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Hoegemann v. Palma

United States District Court, D. Connecticut

December 23, 2019

RICHARD HOEGEMANN, Plaintiff,
v.
DONATO PALMA, JENNIFER DESENA, JAMES LONG, & FRANK MIRTO, Defendants.

          RULING AND ORDER ON MOTION FOR SUMMARY JUDGMENT

          VICTOR A. BOLDEN UNITED STATES DISTRICT JUDGE

         Richard Hoegemann (“Plaintiff”) brought this action under 42 U.S.C. § 1983 in forma pauperis alleging various civil rights violations committed by Donato Palma, a Town of East Haven police officer, and several parole officers employed by the Connecticut Board of Pardons and Parole, Jennifer Desena, James Long, and Frank Mirto (“State Defendants”) (collectively “Defendants”) in their individual capacities.

         Officer Palma and the State Defendants have separately moved for summary judgment.

         For the following reasons, both motions for summary judgment are GRANTED.

         I. FACTUAL AND PROCEDURAL BACKGROUND

         A. Factual Background [1]

         Richard Hoegemann is a registered sex offender with two prior convictions. State Defendants' Statement of Material Facts Not in Dispute, ECF No. 58-2 ¶ 1 (Nov. 1, 2019) (“State Defs.' SMF”).

         As of October 25, 2019, Frank Mirto served as the Deputy Director of the Parole and Community Services Division. Id. ¶ 39. Before that date, from 2012 until the times relevant to this case, Mr. Mirto served as Parole Manager of the Special Management Unit, which closely monitors and supervises convicted offenders who have exhibited problem sexual behavior and have stipulations for evaluation and treatment for such behavior. Id. Mr. Mirto served as a Parole Officer or Parole Manager for fifteen years before serving as Deputy Director. Id. James Long has been a Parole Officer for approximately fifteen years. Id. ¶ 11. Jennifer Desena is also a PO. Id.

         On November 20, 2013, Mr. Hoegemann was assigned to Ms. Desena's caseload. Id. ¶ 3 (Nov. 1, 2019) (“State Defs.' SMF”). As part of his earlier guilty plea to sexual assault, [2] Mr. Hoegemann had to serve twelve-and-a-half years of special parole. Id. ¶ 2.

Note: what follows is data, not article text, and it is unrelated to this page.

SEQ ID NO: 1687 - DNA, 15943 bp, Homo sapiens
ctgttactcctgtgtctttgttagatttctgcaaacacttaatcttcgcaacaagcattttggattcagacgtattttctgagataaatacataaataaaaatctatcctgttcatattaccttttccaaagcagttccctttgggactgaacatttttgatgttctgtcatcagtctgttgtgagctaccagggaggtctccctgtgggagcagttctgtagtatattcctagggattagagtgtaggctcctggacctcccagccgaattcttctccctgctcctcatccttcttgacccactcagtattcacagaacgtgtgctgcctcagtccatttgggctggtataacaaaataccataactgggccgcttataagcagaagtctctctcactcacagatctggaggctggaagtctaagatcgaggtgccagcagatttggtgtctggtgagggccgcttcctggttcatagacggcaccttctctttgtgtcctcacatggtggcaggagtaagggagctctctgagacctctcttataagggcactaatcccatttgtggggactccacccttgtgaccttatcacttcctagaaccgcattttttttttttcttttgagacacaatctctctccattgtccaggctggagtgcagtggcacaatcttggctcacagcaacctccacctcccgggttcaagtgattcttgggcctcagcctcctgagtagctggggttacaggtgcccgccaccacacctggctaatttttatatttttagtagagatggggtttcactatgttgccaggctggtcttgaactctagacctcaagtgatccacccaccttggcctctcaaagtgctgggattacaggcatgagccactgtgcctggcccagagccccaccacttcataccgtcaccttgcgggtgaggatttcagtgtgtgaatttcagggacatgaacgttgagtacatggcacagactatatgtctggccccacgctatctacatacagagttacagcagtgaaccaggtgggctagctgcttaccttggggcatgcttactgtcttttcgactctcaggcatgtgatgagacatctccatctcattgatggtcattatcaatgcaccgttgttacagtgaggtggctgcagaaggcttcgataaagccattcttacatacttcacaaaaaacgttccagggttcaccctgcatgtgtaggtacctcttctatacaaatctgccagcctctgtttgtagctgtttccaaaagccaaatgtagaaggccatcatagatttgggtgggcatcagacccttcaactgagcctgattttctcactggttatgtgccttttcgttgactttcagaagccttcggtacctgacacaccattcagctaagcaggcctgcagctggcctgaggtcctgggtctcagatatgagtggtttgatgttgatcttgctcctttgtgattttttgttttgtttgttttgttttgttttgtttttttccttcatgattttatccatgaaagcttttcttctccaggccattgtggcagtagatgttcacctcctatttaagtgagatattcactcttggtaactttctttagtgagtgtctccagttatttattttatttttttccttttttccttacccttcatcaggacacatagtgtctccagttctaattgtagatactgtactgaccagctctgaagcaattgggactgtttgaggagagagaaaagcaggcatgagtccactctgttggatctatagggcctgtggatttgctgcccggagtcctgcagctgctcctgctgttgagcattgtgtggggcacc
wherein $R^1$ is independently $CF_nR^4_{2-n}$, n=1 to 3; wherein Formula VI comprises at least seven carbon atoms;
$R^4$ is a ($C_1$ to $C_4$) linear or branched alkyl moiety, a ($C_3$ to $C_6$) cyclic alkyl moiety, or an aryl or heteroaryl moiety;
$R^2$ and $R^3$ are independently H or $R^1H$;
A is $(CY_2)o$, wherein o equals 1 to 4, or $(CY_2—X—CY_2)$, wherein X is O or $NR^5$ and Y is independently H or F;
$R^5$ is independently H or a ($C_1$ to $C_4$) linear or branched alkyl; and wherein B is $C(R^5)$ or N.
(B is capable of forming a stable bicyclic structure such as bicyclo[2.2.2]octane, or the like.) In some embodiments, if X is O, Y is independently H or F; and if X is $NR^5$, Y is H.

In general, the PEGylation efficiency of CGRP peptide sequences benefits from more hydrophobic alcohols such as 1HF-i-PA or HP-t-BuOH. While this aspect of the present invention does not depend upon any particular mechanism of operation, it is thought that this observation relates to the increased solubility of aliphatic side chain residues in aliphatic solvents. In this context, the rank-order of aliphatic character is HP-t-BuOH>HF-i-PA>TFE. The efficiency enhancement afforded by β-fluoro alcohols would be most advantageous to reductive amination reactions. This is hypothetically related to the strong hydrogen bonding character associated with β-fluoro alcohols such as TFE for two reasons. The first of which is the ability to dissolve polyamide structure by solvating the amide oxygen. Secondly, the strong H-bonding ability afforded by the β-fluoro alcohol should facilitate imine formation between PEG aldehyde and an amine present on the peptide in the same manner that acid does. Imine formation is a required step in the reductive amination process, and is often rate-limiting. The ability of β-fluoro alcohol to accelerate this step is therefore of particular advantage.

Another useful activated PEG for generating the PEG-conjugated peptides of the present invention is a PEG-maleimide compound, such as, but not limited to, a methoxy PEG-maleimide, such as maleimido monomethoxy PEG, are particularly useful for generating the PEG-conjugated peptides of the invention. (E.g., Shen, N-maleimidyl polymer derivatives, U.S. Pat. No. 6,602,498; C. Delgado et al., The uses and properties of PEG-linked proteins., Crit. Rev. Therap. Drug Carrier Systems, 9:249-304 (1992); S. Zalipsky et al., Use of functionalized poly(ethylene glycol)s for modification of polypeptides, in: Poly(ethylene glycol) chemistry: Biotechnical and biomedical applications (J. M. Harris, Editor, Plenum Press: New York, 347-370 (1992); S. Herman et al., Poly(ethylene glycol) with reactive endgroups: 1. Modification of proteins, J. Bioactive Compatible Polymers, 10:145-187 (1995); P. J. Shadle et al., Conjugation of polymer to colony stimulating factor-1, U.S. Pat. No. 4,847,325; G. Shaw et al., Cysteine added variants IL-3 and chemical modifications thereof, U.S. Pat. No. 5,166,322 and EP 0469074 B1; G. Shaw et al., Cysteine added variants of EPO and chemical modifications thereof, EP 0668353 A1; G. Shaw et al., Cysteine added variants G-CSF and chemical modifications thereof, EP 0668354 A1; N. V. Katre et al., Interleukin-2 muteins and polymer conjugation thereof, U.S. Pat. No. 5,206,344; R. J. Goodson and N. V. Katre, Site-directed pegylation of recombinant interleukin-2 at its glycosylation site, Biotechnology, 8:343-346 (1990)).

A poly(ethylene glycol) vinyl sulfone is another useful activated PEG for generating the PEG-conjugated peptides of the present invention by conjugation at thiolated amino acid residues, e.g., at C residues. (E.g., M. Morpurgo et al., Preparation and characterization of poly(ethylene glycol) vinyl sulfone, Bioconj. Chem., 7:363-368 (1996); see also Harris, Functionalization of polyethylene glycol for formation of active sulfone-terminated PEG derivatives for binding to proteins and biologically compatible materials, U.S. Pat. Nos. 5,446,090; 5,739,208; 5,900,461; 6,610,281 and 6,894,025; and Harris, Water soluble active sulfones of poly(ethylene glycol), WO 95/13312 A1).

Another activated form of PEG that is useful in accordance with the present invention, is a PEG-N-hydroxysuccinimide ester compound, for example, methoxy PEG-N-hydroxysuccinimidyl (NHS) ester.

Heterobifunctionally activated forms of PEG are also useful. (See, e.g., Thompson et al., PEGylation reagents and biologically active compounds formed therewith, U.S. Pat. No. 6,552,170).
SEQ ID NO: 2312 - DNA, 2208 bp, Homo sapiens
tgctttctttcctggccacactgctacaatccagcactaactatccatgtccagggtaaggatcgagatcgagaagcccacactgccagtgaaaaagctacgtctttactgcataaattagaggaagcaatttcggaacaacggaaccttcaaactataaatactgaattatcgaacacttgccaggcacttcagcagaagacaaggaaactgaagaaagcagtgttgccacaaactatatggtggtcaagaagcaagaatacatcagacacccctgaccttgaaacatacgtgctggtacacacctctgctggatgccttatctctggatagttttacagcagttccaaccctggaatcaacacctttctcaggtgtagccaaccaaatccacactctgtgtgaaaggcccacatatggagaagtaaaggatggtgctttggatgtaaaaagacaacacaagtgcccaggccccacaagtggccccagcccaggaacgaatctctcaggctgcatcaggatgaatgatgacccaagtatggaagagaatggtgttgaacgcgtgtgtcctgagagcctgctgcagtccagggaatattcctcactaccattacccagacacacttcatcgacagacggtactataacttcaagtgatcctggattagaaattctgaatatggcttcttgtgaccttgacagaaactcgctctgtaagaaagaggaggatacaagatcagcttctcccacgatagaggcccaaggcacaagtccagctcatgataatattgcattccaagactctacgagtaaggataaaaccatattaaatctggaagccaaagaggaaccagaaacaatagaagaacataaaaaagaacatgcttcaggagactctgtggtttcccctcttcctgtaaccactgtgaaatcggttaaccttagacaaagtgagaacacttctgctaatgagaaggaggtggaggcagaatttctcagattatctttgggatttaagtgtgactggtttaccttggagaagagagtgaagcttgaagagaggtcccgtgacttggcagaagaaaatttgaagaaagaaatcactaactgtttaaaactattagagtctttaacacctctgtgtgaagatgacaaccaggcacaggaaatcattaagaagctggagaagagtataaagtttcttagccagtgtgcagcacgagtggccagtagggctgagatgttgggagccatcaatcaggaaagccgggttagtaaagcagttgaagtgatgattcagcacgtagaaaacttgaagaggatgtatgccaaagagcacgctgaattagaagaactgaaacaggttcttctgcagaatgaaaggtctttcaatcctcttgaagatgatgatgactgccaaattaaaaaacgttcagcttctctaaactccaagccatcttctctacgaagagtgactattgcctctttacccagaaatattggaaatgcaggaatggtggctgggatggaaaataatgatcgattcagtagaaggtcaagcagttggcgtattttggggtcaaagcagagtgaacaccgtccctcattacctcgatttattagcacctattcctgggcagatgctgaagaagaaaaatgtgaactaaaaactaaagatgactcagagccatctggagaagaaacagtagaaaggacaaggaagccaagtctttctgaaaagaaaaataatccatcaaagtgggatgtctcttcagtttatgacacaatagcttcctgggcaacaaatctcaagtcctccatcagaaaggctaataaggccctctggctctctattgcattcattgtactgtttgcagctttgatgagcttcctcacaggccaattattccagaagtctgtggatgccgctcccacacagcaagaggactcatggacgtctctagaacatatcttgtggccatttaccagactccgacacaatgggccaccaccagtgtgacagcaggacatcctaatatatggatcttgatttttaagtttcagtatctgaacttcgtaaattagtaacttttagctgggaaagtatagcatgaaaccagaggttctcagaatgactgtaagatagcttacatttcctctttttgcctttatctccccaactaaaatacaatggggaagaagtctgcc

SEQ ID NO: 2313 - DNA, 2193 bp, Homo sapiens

On January 8, 2014, Mr. Hoegemann violated various conditions of his Special Parole, including a new criminal arrest and charges, so he was remanded to the custody of Connecticut's Department of Corrections (“DOC”). Id. ¶ 4.

         On May 29, 2014, Mr. Hoegemann received a new criminal sentence of less than a year. Id. ¶ 5.

         On August 8, 2014, Mr. Hoegemann was reinstated to Special Parole and again assigned to Ms. Desena. Id. ¶ 6. Ms. Desena met with Mr. Hoegemann prior to his release to Special Parole, and Mr. Hoegemann signed his conditions of parole, which included a stipulation to GPS monitoring and a consent to search condition. Id. ¶ 7. The consent to search condition, applicable to all Connecticut parolees, stated: “I will submit to a search of my person, possessions, vehicle, residence, business, or other area under my control at any time, announced or unannounced, with or without cause, by parole or its agents to verify my compliance with the conditions of my parole.” Id. ¶ 8 (citing Ex. B: Statement of Understanding and Agreement - Conditions of Parole, ECF No. 58-4 at 13 (“Parole Conditions Agreement”)).

         Subsequently, Ms. Desena took a leave of absence from work due to a family matter, and in her absence, another parole officer inadvertently authorized removal of Mr. Hoegemann's GPS monitoring. Id. ¶ 9.

         December 3, 2014 Incident

         On December 3, 2014, Ms. Desena contacted Mr. Hoegemann and directed him to be home at around 8:00 p.m. for re-installation of an ankle GPS monitoring device. Id. ¶ 10. Ms. Desena asked James Long to perform this duty, and he agreed. Id. ¶ 12.